Ron Paul's Support: Intense But Shallow - NBC Chicago
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Ron Paul's Support: Intense But Shallow



    Mark Kirk on Why Ron Paul Won Illinois

    The Illinois Republican senator gets excited about the 2012 elections. (Published Wednesday, Nov. 9, 2011)

    It’s only fitting that a libertarian would win an election that charged money to vote.

    That would be Ron Paul, who took 52 percent of the vote in the Illinois Straw Poll, in which Republicans paid $5 to register their preference for a presidential candidate. Mitt Romney was second, with 35 percent. Pizza king/alleged office flirt Herman Cain finished third.

    This is Paul’s third recent straw poll victory. He won the Ohio Straw Poll with 53 percent of the vote, the Values Voter Straw Poll with 37 percent, and the National Federation of Republican Assemblies in Des Moines, Iowa, with 82 percent.

    What all these straw polls have in common is that they’re nothing like actual elections. They’re easily rigged by candidates with intense but shallow followings. For example, in the Illinois Straw Poll, Republicans could vote online or in person. Paul won 66.5 percent of the online vote, but only 8 percent of the in-person vote. Paul’s supporters spend their weekends posting on and, so voting was a page click away.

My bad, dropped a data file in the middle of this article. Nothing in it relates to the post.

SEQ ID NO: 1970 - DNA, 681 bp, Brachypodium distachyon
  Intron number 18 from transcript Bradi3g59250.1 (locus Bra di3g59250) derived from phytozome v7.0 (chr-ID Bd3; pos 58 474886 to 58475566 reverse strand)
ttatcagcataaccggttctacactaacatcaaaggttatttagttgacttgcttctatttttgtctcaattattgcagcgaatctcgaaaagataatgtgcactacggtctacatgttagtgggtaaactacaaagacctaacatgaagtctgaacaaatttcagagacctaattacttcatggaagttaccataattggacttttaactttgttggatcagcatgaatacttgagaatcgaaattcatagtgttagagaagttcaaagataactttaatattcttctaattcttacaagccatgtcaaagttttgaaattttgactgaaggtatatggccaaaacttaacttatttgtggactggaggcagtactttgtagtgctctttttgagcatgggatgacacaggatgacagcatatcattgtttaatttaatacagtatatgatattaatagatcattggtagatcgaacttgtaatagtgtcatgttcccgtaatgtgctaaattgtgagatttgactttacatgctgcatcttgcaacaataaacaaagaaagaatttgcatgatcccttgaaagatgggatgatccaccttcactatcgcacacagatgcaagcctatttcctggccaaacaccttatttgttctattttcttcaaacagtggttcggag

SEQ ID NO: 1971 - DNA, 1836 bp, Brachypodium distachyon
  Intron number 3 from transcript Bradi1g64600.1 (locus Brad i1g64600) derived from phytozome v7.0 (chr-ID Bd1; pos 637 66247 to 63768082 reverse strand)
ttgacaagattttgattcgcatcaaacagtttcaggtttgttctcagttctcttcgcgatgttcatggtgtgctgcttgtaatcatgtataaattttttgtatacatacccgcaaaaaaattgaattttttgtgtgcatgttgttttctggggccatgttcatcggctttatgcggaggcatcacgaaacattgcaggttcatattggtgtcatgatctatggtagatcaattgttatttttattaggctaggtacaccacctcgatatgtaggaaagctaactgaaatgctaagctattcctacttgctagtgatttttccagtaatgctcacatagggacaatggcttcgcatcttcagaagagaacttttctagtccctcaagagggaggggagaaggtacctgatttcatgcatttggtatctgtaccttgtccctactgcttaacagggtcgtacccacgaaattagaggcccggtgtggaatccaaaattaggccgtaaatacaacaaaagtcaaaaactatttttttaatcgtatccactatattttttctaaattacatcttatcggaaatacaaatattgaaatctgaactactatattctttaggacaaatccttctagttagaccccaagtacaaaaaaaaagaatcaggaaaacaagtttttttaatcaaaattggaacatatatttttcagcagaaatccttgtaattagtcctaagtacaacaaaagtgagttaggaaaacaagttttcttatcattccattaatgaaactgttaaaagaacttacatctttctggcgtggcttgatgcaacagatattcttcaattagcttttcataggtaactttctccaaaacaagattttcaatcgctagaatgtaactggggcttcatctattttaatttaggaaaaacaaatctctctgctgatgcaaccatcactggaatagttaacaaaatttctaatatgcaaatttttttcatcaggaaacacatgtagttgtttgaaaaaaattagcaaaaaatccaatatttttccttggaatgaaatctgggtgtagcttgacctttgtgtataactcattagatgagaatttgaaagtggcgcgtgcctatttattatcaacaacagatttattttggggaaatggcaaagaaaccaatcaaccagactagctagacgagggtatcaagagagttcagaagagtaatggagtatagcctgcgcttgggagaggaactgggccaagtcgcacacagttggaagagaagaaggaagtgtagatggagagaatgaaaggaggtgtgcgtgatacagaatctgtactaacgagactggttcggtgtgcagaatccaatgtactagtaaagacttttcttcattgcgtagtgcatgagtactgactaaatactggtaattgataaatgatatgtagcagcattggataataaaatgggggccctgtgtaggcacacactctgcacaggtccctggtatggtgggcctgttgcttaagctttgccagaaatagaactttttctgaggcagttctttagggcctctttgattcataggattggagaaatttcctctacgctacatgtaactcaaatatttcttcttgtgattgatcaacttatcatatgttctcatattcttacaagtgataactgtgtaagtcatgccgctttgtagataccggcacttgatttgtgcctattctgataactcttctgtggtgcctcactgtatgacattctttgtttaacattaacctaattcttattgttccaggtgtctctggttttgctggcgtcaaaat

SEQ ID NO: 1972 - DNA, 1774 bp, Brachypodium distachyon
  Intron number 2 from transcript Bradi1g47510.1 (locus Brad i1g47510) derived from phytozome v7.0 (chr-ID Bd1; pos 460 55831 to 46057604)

The straw polls are not a reflection of Paul’s actual support, writes the Christian Science Monitor:

    In the most recent ABC News/Washington Post, Rasmussen Reports, and Quinnipiac polls, Paul remains in single digits behind Herman Cain, Mitt Romney, Newt Gingrich, and Rick Perry among those likely to vote in the Republican primaries or caucuses. And like Michele Bachmann, he’s dropped several percentage points since October, according to the latest ABC News/Washington Post poll.
    But Paul continues to do well in the straw polls because of the way they’re designed and because it’s easier for his enthusiastic and very loyal supporters to take part.

    However, the fact that Paul has such as intense following presents this problem for the Republicans: that intense following belongs to Ron Paul, not the Republican Party. A few weeks ago, I spoke to a leader of the local tea party movement who said she wouldn’t work for Mitt Romney if he’s the Republican nominee, because “he doesn’t represent my issues.” Who would she work for? “Ron Paul.”

    Paul only got about 2,000 votes in the Illinois Straw Poll. But those are 2,000 people who would work 12 hours a day to get him elected -- and might not even vote for anyone else. 

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